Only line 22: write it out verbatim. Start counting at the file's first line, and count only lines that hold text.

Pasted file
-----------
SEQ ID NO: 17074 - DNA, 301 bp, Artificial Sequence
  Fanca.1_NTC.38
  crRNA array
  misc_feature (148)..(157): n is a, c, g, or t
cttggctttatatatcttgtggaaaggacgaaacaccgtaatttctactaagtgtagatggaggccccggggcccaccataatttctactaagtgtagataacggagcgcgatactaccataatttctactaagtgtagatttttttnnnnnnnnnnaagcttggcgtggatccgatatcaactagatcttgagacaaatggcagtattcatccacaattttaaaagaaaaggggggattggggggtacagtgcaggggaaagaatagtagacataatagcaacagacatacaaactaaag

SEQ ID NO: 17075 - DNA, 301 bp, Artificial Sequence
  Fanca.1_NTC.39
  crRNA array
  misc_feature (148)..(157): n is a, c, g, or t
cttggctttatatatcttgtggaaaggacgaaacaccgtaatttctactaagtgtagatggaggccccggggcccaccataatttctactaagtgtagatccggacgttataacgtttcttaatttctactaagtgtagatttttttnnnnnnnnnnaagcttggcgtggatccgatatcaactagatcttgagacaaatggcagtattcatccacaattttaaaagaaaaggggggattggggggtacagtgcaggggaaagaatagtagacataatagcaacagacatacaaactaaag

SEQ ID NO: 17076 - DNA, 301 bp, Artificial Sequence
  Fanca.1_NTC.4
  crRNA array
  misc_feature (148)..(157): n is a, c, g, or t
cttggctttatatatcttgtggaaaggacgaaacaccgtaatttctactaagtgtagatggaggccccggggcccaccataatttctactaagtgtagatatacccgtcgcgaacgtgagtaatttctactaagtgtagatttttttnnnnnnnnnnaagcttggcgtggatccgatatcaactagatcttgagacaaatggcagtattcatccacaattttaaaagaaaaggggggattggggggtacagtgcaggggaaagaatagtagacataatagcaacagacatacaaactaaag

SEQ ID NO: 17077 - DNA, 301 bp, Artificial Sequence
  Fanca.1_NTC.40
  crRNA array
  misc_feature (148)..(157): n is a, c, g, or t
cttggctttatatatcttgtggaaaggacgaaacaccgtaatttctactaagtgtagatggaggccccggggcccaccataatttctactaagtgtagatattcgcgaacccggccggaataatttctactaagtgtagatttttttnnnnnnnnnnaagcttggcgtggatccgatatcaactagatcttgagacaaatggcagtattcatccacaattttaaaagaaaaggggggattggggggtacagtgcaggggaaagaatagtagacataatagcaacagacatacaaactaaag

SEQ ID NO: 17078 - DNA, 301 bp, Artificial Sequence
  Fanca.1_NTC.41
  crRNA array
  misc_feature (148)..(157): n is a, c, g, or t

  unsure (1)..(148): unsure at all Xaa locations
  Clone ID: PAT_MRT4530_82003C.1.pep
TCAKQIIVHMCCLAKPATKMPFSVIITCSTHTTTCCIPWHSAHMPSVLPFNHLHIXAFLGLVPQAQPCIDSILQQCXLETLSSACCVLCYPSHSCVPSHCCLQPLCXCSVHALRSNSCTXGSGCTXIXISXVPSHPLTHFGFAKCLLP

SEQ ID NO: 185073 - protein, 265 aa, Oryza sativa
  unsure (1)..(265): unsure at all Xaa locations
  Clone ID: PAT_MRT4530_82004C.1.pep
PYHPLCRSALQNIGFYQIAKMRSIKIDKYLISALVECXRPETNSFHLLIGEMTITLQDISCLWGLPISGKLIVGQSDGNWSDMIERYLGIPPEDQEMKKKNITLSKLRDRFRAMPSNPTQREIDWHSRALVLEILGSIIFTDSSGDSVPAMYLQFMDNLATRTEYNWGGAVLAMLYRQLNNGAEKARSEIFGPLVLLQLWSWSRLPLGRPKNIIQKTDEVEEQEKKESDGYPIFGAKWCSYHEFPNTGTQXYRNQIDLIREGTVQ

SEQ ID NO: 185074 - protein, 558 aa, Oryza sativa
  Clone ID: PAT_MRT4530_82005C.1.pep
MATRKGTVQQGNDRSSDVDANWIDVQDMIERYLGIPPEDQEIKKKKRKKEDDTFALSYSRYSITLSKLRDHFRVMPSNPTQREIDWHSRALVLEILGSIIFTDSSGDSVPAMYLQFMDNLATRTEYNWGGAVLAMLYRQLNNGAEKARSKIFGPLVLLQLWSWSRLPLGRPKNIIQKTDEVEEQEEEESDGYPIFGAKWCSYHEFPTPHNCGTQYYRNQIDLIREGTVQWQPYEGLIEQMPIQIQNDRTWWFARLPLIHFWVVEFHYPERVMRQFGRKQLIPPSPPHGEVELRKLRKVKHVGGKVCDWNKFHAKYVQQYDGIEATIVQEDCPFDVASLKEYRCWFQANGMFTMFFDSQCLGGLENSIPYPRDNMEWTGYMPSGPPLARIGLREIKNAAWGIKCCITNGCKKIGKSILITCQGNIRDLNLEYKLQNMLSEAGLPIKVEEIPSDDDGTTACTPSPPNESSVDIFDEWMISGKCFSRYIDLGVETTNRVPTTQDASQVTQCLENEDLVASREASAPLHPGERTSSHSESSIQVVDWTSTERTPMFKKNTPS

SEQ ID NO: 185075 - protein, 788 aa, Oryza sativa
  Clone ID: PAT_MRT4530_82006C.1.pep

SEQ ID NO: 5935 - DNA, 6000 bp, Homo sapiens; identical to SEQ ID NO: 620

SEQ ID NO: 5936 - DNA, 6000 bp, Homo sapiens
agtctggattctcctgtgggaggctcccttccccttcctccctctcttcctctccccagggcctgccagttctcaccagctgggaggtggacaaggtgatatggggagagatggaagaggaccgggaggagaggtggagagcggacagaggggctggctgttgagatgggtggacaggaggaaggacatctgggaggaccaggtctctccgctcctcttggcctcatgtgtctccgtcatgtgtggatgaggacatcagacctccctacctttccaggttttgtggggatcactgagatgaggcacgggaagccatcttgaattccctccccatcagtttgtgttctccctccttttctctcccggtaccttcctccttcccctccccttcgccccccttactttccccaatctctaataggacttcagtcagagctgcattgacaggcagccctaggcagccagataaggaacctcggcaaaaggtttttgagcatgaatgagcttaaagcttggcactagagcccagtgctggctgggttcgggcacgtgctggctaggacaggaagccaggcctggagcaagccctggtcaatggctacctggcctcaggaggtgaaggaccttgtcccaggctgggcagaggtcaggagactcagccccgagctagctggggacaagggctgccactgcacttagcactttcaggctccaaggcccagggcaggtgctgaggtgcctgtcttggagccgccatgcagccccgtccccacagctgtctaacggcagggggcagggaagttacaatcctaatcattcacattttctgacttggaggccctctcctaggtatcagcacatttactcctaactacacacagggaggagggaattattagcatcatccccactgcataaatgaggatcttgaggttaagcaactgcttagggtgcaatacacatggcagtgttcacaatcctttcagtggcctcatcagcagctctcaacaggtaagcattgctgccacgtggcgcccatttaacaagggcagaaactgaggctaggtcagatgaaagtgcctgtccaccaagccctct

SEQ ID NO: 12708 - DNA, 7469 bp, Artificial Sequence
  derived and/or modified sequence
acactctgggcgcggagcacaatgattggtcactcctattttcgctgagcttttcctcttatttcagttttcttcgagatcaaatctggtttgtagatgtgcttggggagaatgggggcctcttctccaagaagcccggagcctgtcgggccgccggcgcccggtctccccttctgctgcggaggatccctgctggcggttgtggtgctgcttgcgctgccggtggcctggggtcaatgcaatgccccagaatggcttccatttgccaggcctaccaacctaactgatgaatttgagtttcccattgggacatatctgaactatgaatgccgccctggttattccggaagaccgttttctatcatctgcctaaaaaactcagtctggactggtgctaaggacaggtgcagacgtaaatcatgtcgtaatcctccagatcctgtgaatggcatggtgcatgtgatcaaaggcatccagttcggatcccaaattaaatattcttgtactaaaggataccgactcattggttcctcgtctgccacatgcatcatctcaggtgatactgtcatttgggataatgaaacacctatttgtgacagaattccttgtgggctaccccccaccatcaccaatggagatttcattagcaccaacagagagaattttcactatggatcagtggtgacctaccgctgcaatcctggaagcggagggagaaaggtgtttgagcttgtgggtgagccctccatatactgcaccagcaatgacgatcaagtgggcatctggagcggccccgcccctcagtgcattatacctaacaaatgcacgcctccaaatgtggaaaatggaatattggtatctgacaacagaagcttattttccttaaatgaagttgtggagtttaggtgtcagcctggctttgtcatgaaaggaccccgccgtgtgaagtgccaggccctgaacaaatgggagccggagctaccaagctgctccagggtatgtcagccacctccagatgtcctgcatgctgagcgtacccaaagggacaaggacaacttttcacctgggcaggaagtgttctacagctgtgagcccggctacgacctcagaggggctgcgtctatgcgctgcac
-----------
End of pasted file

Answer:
  Fanca.1_NTC.41